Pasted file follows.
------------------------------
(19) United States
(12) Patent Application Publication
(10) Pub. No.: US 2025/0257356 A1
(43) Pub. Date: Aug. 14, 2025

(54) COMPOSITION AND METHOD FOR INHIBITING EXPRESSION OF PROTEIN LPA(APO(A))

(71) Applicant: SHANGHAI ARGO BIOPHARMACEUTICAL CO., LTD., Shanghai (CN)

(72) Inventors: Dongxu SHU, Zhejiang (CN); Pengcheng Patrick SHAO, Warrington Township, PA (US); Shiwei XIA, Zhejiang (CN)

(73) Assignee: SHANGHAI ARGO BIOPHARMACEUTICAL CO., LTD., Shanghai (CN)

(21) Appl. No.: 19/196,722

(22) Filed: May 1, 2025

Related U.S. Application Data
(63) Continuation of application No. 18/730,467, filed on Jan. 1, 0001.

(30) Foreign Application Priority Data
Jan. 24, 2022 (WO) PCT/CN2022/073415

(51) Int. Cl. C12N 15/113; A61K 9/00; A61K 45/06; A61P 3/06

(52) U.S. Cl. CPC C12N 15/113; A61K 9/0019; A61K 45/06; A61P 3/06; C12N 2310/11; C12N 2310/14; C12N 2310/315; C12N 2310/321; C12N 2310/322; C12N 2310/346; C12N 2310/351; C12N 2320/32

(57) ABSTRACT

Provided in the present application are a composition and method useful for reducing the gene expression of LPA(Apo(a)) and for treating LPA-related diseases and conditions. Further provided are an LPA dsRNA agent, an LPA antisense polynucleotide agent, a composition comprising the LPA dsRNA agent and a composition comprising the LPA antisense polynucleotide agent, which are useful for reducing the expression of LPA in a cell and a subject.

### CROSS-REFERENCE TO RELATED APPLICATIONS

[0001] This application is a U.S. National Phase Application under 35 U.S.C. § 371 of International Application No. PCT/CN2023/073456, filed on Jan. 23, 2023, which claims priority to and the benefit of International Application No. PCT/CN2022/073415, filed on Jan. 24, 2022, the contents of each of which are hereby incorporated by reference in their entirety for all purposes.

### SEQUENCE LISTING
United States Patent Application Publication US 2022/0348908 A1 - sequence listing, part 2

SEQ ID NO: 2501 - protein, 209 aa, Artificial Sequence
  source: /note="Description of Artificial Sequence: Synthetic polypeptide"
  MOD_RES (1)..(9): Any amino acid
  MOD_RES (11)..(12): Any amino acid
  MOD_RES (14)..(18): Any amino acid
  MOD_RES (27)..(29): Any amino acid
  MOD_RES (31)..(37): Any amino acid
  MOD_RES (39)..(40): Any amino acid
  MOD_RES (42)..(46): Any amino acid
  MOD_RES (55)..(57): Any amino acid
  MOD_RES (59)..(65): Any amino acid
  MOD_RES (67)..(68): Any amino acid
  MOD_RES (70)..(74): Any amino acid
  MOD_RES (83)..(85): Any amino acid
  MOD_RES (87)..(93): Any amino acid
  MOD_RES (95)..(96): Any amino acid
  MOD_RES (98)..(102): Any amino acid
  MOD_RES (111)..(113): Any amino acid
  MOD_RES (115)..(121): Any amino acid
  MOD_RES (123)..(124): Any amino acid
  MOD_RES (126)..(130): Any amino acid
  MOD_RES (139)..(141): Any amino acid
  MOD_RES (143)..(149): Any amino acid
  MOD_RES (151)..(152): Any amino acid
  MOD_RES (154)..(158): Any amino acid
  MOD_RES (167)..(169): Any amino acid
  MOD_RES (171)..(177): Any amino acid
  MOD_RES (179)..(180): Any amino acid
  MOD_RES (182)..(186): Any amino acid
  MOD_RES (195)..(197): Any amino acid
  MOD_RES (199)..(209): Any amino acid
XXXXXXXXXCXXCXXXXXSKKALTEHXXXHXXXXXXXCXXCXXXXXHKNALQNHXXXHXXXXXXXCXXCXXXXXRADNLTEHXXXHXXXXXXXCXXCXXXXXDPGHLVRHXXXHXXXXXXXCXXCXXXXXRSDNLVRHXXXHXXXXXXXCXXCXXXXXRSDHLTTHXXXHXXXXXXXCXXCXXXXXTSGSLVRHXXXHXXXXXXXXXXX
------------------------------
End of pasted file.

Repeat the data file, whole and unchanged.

(19) United States
(12) Patent Application Publication
(10) Pub. No.: US 2025/0257356 A1
(43) Pub. Date: Aug. 14, 2025

(54) COMPOSITION AND METHOD FOR INHIBITING EXPRESSION OF PROTEIN LPA(APO(A))

(71) Applicant: SHANGHAI ARGO BIOPHARMACEUTICAL CO., LTD., Shanghai (CN)

(72) Inventors: Dongxu SHU, Zhejiang (CN); Pengcheng Patrick SHAO, Warrington Township, PA (US); Shiwei XIA, Zhejiang (CN)

(73) Assignee: SHANGHAI ARGO BIOPHARMACEUTICAL CO., LTD., Shanghai (CN)

(21) Appl. No.: 19/196,722

(22) Filed: May 1, 2025

Related U.S. Application Data
(63) Continuation of application No. 18/730,467, filed on Jan. 1, 0001.

(30) Foreign Application Priority Data
Jan. 24, 2022 (WO) PCT/CN2022/073415

(51) Int. Cl. C12N 15/113; A61K 9/00; A61K 45/06; A61P 3/06

(52) U.S. Cl. CPC C12N 15/113; A61K 9/0019; A61K 45/06; A61P 3/06; C12N 2310/11; C12N 2310/14; C12N 2310/315; C12N 2310/321; C12N 2310/322; C12N 2310/346; C12N 2310/351; C12N 2320/32

(57) ABSTRACT

Provided in the present application are a composition and method useful for reducing the gene expression of LPA(Apo(a)) and for treating LPA-related diseases and conditions. Further provided are an LPA dsRNA agent, an LPA antisense polynucleotide agent, a composition comprising the LPA dsRNA agent and a composition comprising the LPA antisense polynucleotide agent, which are useful for reducing the expression of LPA in a cell and a subject.

### CROSS-REFERENCE TO RELATED APPLICATIONS

[0001] This application is a U.S. National Phase Application under 35 U.S.C. § 371 of International Application No. PCT/CN2023/073456, filed on Jan. 23, 2023, which claims priority to and the benefit of International Application No. PCT/CN2022/073415, filed on Jan. 24, 2022, the contents of each of which are hereby incorporated by reference in their entirety for all purposes.

### SEQUENCE LISTING
United States Patent Application Publication US 2022/0348908 A1 - sequence listing, part 2

SEQ ID NO: 2501 - protein, 209 aa, Artificial Sequence
  source: /note="Description of Artificial Sequence: Synthetic polypeptide"
  MOD_RES (1)..(9): Any amino acid
  MOD_RES (11)..(12): Any amino acid
  MOD_RES (14)..(18): Any amino acid
  MOD_RES (27)..(29): Any amino acid
  MOD_RES (31)..(37): Any amino acid
  MOD_RES (39)..(40): Any amino acid
  MOD_RES (42)..(46): Any amino acid
  MOD_RES (55)..(57): Any amino acid
  MOD_RES (59)..(65): Any amino acid
  MOD_RES (67)..(68): Any amino acid
  MOD_RES (70)..(74): Any amino acid
  MOD_RES (83)..(85): Any amino acid
  MOD_RES (87)..(93): Any amino acid
  MOD_RES (95)..(96): Any amino acid
  MOD_RES (98)..(102): Any amino acid
  MOD_RES (111)..(113): Any amino acid
  MOD_RES (115)..(121): Any amino acid
  MOD_RES (123)..(124): Any amino acid
  MOD_RES (126)..(130): Any amino acid
  MOD_RES (139)..(141): Any amino acid
  MOD_RES (143)..(149): Any amino acid
  MOD_RES (151)..(152): Any amino acid
  MOD_RES (154)..(158): Any amino acid
  MOD_RES (167)..(169): Any amino acid
  MOD_RES (171)..(177): Any amino acid
  MOD_RES (179)..(180): Any amino acid
  MOD_RES (182)..(186): Any amino acid
  MOD_RES (195)..(197): Any amino acid
  MOD_RES (199)..(209): Any amino acid
XXXXXXXXXCXXCXXXXXSKKALTEHXXXHXXXXXXXCXXCXXXXXHKNALQNHXXXHXXXXXXXCXXCXXXXXRADNLTEHXXXHXXXXXXXCXXCXXXXXDPGHLVRHXXXHXXXXXXXCXXCXXXXXRSDNLVRHXXXHXXXXXXXCXXCXXXXXRSDHLTTHXXXHXXXXXXXCXXCXXXXXTSGSLVRHXXXHXXXXXXXXXXX